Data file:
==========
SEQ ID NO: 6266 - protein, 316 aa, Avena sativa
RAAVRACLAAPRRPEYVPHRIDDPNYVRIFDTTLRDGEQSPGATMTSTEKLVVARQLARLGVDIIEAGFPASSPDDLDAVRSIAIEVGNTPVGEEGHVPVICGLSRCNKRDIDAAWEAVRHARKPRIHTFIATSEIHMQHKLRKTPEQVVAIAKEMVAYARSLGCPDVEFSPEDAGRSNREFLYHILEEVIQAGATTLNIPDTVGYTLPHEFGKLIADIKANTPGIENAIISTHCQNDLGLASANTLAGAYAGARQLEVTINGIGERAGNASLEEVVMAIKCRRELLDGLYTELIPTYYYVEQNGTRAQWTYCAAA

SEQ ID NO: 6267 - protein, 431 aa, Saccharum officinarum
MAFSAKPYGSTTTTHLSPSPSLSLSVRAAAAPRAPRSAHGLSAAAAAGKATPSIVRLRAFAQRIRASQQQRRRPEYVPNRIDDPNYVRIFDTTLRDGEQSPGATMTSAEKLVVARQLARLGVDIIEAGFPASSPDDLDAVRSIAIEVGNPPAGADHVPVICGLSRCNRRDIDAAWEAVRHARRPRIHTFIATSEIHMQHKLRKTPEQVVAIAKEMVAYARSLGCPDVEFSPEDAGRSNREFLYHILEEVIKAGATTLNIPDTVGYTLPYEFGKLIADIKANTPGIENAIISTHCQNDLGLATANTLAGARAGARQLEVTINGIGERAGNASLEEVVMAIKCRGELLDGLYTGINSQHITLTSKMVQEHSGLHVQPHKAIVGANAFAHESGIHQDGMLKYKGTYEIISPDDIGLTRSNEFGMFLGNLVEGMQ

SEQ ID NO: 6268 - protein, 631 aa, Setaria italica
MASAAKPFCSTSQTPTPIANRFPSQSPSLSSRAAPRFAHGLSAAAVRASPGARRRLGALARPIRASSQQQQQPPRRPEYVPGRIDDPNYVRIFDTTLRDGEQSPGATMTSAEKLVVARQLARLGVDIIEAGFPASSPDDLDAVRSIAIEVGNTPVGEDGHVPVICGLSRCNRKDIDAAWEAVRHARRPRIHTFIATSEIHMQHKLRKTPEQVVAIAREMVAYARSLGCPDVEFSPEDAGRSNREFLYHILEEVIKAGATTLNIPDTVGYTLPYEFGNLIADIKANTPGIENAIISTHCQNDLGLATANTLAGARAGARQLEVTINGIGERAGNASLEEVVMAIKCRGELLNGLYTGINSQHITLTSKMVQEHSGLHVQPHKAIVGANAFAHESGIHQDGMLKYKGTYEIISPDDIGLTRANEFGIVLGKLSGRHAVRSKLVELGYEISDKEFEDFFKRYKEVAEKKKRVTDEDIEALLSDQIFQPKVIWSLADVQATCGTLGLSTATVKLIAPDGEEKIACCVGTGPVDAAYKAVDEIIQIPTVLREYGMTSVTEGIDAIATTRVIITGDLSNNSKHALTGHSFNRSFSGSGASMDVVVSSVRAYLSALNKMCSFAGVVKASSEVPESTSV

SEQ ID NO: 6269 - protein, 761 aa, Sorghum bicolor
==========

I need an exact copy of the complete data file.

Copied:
SEQ ID NO: 6266 - protein, 316 aa, Avena sativa
RAAVRACLAAPRRPEYVPHRIDDPNYVRIFDTTLRDGEQSPGATMTSTEKLVVARQLARLGVDIIEAGFPASSPDDLDAVRSIAIEVGNTPVGEEGHVPVICGLSRCNKRDIDAAWEAVRHARKPRIHTFIATSEIHMQHKLRKTPEQVVAIAKEMVAYARSLGCPDVEFSPEDAGRSNREFLYHILEEVIQAGATTLNIPDTVGYTLPHEFGKLIADIKANTPGIENAIISTHCQNDLGLASANTLAGAYAGARQLEVTINGIGERAGNASLEEVVMAIKCRRELLDGLYTELIPTYYYVEQNGTRAQWTYCAAA

SEQ ID NO: 6267 - protein, 431 aa, Saccharum officinarum
MAFSAKPYGSTTTTHLSPSPSLSLSVRAAAAPRAPRSAHGLSAAAAAGKATPSIVRLRAFAQRIRASQQQRRRPEYVPNRIDDPNYVRIFDTTLRDGEQSPGATMTSAEKLVVARQLARLGVDIIEAGFPASSPDDLDAVRSIAIEVGNPPAGADHVPVICGLSRCNRRDIDAAWEAVRHARRPRIHTFIATSEIHMQHKLRKTPEQVVAIAKEMVAYARSLGCPDVEFSPEDAGRSNREFLYHILEEVIKAGATTLNIPDTVGYTLPYEFGKLIADIKANTPGIENAIISTHCQNDLGLATANTLAGARAGARQLEVTINGIGERAGNASLEEVVMAIKCRGELLDGLYTGINSQHITLTSKMVQEHSGLHVQPHKAIVGANAFAHESGIHQDGMLKYKGTYEIISPDDIGLTRSNEFGMFLGNLVEGMQ

SEQ ID NO: 6268 - protein, 631 aa, Setaria italica
MASAAKPFCSTSQTPTPIANRFPSQSPSLSSRAAPRFAHGLSAAAVRASPGARRRLGALARPIRASSQQQQQPPRRPEYVPGRIDDPNYVRIFDTTLRDGEQSPGATMTSAEKLVVARQLARLGVDIIEAGFPASSPDDLDAVRSIAIEVGNTPVGEDGHVPVICGLSRCNRKDIDAAWEAVRHARRPRIHTFIATSEIHMQHKLRKTPEQVVAIAREMVAYARSLGCPDVEFSPEDAGRSNREFLYHILEEVIKAGATTLNIPDTVGYTLPYEFGNLIADIKANTPGIENAIISTHCQNDLGLATANTLAGARAGARQLEVTINGIGERAGNASLEEVVMAIKCRGELLNGLYTGINSQHITLTSKMVQEHSGLHVQPHKAIVGANAFAHESGIHQDGMLKYKGTYEIISPDDIGLTRANEFGIVLGKLSGRHAVRSKLVELGYEISDKEFEDFFKRYKEVAEKKKRVTDEDIEALLSDQIFQPKVIWSLADVQATCGTLGLSTATVKLIAPDGEEKIACCVGTGPVDAAYKAVDEIIQIPTVLREYGMTSVTEGIDAIATTRVIITGDLSNNSKHALTGHSFNRSFSGSGASMDVVVSSVRAYLSALNKMCSFAGVVKASSEVPESTSV

SEQ ID NO: 6269 - protein, 761 aa, Sorghum bicolor